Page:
I’m sitting in a lecture theatre and a man is writing rude words on a chalkboard, pausing occasionally to give me a stern look whenever I get a fit of the giggles. I’m not exactly sure why this is so funny, but it really is. And then the lecturer begins to tell his story and it’s not funny any more.
His name is Remi and he moves from his native Poland to Glasgow in order to pursue his dream of being an actor. But one night, walking home, he is accosted by two men who rob him and beat him up. The attack affects him profoundly, stirring within him a sense of paranoia, that steadily gets worse until it threatens to overwhelm him.
Written and performed by Remi Rachuba and directed by Marcus Montgomery Roche, Intruder is a difficult play to get a handle on. Rachuba is a fearless actor, who expends so much energy during the show you feel he could run the National Grid all by himself. Arranged on the floor in front of him are pairs of shoes which he uses to signify the different characters and situations he’s talking about. (Was it Lawrence Olivier who famously always began with the shoes?) Remi changes roles as easily as he changes his footwear.
I love the repeated tics that he employs to denote his deteriorating frame of mind: those uneasy glances over his shoulder, the shuddering paroxysms when his dark thoughts overwhelm him. I also love the simple gleefulness of the dance routine he indulges in on one of the rare occasions when he feels happy.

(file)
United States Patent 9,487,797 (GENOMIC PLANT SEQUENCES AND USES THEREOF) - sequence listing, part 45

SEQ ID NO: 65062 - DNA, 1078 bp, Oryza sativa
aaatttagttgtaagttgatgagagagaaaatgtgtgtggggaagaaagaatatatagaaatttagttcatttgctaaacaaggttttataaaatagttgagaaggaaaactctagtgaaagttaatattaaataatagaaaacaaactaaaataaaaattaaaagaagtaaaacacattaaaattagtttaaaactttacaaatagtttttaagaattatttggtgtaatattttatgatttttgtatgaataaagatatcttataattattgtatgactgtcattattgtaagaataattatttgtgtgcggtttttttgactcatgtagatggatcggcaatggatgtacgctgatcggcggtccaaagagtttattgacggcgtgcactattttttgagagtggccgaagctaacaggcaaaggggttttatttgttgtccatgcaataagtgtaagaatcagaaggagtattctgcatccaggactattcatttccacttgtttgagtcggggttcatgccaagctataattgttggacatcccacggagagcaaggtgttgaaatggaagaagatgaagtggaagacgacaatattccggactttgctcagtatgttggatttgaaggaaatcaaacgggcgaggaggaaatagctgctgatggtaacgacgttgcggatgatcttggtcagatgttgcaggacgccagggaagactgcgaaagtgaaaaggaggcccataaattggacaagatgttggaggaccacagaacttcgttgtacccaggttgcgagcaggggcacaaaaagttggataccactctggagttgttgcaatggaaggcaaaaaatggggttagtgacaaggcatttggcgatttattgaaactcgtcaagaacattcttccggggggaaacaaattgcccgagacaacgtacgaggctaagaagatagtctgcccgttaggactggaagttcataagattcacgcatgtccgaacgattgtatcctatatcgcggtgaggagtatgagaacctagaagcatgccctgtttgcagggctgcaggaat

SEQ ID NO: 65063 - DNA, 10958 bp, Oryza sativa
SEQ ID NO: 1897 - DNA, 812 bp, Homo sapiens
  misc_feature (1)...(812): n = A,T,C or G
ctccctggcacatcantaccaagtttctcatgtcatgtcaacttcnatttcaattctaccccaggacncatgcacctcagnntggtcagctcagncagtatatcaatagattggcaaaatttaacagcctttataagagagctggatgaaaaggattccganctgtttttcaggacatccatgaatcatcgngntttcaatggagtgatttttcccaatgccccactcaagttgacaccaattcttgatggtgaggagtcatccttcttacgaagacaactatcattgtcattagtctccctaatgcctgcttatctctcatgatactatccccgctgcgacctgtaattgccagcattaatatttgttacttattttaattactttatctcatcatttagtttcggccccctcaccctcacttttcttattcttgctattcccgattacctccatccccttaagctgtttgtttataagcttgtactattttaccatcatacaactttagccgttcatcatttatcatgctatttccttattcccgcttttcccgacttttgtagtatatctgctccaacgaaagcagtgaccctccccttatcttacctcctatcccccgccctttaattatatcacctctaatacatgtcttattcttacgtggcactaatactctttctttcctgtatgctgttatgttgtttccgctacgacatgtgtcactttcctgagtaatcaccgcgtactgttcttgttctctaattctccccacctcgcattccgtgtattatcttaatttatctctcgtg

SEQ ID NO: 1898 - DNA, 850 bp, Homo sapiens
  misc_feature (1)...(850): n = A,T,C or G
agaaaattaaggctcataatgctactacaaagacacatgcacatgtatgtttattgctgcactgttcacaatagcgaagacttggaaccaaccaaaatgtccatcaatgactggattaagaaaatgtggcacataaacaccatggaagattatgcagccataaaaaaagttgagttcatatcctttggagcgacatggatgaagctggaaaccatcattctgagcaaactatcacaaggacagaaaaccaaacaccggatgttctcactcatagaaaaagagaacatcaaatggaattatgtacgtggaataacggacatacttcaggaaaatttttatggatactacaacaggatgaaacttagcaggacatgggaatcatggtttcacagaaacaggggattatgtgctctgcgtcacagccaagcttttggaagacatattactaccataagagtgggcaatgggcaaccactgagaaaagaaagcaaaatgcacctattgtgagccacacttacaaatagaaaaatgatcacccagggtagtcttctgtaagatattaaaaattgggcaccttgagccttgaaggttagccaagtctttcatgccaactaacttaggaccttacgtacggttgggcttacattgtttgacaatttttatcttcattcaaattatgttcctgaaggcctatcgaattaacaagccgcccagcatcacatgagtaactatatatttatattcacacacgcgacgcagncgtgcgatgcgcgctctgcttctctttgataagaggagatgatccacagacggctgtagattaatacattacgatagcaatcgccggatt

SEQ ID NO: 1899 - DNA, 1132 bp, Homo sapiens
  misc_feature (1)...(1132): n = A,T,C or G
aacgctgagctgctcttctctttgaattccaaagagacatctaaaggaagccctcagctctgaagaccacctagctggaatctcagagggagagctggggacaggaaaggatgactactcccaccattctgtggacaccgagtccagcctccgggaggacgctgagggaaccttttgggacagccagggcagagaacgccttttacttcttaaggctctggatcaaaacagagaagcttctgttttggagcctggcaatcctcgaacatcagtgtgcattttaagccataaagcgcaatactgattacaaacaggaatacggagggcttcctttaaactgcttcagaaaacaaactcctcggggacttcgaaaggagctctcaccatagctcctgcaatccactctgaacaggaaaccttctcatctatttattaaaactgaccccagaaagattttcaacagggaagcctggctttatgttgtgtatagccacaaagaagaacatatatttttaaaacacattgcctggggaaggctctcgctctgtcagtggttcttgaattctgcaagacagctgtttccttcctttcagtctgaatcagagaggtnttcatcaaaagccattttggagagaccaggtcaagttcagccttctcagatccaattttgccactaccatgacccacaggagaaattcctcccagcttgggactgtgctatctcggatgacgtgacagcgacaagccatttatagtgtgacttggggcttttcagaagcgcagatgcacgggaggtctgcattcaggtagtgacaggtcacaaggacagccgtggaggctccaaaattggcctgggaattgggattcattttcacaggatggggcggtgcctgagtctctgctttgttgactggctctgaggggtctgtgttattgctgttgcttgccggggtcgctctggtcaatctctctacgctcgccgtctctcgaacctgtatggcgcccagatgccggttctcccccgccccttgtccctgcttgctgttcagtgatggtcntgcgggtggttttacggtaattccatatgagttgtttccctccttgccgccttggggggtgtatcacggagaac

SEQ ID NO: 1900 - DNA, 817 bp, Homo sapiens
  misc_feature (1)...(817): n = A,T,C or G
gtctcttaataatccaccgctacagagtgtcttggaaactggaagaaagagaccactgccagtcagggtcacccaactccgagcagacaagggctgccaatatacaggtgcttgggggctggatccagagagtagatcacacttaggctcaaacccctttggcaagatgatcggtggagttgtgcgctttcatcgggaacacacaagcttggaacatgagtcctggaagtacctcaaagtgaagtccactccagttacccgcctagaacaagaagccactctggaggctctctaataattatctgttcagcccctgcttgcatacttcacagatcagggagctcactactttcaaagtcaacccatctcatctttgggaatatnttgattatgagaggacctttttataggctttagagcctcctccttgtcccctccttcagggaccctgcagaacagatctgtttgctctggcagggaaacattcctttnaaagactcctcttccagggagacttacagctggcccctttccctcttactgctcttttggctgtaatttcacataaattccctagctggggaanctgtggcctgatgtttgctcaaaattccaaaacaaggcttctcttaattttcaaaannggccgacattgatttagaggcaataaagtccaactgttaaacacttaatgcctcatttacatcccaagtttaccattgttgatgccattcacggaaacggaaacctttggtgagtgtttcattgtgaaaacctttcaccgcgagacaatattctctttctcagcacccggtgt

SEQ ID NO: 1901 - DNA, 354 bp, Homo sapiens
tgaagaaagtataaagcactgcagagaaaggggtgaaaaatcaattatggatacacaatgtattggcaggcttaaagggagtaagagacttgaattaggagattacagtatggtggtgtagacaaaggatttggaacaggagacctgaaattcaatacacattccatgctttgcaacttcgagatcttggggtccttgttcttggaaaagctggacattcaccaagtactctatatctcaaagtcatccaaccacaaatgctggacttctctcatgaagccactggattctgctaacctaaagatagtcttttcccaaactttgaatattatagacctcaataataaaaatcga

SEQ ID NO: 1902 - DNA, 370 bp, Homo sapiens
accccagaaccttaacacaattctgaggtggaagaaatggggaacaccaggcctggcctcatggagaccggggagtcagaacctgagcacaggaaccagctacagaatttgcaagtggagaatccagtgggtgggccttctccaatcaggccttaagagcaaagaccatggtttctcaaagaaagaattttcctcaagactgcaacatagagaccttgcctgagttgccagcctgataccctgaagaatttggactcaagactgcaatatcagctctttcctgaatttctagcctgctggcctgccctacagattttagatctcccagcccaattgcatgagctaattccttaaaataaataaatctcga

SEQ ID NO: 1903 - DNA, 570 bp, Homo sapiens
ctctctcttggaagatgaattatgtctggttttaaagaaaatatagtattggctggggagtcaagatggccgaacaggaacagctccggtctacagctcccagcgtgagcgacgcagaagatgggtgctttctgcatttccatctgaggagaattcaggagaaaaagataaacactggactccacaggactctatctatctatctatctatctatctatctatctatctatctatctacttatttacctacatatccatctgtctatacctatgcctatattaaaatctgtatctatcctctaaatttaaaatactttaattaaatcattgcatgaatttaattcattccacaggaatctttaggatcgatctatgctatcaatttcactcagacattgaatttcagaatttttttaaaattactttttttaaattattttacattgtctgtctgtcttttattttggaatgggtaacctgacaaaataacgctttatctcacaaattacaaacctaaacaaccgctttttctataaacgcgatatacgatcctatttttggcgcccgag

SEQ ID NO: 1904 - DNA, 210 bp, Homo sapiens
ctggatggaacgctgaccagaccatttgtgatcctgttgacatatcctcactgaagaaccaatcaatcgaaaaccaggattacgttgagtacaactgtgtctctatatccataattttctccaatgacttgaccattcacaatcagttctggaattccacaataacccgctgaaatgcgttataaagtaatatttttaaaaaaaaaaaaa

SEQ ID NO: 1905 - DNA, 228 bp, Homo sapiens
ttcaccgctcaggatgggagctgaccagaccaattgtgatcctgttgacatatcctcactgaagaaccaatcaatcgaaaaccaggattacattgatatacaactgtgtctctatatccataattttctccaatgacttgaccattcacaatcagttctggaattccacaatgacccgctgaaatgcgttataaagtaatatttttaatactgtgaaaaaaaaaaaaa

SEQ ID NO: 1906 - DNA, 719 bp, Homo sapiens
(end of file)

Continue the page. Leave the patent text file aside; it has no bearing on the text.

But there are some issues here. I’m not always entirely sure where and when a particular scene is set. There’s much talk of Glasgow, but then I hear him mention places I know are in Edinburgh. Of course, this might be intentional, but it throws me occasionally. And, while it’s only right that some of the lines are delivered in Polish, this also adds to a sense of disorientation.
Rachuba is an extraordinary stage presence and it will be interesting to see where he goes next. Meanwhile, there are just two more chances to catch this intriguing show.
Lubna Kerr emigrated from Pakistan to Glasgow when she was just a child. Now, many years later, she looks back on her life, growing up as an outsider, marginalised and stereotyped, and she rails – softly – against the constrictions she has endured.
The first constriction we hear about is in her own arteries. She’s in A&E with what the doctor is insisting is a stress-related heart problem. “But I’m not stressed,” Lubna demurs. She’s happy, isn’t she? What has she got to be stressed about?
Considering this question takes Kerr down a rabbit hole of remembrance, and she recounts for us the experiences that have shaped her, and led her here: to the hospital and to this stage – to two different kinds of theatre.